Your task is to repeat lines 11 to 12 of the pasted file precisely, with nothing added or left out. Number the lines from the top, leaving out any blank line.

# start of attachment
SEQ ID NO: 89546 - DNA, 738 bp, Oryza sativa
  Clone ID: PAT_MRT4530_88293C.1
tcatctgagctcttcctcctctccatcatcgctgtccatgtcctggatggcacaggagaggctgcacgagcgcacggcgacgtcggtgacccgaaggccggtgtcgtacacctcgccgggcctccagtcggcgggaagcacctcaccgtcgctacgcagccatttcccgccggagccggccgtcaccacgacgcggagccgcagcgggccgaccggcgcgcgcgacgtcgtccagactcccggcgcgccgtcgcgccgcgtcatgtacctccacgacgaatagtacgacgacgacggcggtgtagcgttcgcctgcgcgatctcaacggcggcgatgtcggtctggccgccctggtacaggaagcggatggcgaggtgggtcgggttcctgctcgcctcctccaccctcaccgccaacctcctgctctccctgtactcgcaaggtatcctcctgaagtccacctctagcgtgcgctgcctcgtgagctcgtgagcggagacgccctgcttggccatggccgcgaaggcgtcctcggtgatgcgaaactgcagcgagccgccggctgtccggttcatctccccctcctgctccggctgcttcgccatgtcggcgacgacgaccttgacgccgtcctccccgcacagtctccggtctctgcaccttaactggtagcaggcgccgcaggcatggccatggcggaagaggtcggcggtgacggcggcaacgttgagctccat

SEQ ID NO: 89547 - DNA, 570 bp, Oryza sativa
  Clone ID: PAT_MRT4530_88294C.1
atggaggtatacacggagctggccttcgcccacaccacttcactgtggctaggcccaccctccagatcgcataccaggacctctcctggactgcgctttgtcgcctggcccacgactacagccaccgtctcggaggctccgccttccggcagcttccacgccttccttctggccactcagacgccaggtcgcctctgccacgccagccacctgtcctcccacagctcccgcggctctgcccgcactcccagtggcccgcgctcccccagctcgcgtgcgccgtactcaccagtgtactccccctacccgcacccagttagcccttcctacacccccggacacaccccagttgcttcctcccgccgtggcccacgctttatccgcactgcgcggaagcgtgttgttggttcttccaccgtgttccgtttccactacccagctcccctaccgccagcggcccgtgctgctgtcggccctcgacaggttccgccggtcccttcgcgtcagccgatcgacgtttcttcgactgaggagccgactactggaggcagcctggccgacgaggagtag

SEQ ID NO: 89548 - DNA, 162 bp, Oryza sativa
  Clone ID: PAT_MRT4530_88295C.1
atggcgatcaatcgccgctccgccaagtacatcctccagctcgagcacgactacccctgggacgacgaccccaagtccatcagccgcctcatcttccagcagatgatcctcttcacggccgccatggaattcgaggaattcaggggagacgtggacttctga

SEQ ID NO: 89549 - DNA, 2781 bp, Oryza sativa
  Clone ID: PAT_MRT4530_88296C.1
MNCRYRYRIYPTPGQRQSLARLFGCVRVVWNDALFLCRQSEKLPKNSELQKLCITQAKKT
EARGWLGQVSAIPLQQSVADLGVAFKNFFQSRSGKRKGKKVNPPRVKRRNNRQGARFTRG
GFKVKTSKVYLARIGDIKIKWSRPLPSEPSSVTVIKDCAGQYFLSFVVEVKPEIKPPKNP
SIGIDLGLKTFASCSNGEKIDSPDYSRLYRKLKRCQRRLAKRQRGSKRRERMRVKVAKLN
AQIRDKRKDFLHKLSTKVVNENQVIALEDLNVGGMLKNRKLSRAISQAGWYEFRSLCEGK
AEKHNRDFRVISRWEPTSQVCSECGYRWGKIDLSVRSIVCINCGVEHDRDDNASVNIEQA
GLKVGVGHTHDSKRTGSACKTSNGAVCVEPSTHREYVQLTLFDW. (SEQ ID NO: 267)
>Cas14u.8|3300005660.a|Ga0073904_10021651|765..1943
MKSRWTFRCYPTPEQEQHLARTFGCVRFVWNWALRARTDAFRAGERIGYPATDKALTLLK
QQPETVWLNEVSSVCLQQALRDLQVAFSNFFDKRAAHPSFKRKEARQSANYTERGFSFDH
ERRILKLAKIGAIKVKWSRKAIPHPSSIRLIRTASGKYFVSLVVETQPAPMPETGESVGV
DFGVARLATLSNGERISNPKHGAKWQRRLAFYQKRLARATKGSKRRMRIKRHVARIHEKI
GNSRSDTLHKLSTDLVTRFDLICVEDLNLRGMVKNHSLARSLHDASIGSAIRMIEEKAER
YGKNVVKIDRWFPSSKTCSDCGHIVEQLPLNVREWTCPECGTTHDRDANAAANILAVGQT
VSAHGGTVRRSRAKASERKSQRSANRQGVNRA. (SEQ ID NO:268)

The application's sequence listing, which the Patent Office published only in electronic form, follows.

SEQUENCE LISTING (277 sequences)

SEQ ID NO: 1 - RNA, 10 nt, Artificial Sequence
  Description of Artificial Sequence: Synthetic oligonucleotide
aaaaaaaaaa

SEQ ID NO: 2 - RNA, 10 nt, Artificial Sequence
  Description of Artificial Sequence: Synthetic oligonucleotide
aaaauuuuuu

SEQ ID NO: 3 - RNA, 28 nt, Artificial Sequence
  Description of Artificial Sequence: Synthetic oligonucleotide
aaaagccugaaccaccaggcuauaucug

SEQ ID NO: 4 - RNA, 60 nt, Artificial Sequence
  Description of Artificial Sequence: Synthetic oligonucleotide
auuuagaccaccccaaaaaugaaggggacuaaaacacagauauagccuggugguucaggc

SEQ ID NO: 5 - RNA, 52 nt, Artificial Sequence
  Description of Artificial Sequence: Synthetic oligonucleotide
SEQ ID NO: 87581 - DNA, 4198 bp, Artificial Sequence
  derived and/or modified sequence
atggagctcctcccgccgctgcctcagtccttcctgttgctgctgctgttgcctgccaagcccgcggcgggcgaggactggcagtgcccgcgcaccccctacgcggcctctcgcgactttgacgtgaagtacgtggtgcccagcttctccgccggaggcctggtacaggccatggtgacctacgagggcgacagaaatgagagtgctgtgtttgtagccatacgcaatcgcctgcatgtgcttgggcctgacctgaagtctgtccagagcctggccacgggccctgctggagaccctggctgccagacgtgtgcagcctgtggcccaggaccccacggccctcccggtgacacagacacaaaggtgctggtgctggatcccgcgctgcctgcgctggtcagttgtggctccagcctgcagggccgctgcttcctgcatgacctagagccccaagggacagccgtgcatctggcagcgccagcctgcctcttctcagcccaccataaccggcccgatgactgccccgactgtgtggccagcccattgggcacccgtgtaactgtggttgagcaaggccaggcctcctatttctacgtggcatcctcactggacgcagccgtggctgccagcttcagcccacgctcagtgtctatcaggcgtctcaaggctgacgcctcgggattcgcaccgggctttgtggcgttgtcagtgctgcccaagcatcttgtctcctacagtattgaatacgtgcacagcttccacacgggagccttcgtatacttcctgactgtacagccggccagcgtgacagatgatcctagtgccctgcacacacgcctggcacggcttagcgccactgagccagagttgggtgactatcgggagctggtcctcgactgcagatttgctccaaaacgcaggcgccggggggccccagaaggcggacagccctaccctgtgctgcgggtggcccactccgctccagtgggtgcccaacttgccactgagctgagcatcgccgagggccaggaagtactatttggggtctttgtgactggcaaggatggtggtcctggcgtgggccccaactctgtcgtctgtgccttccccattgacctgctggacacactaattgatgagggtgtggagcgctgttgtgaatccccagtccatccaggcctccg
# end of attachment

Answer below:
  Clone ID: PAT_MRT4530_88296C.1
MNCRYRYRIYPTPGQRQSLARLFGCVRVVWNDALFLCRQSEKLPKNSELQKLCITQAKKT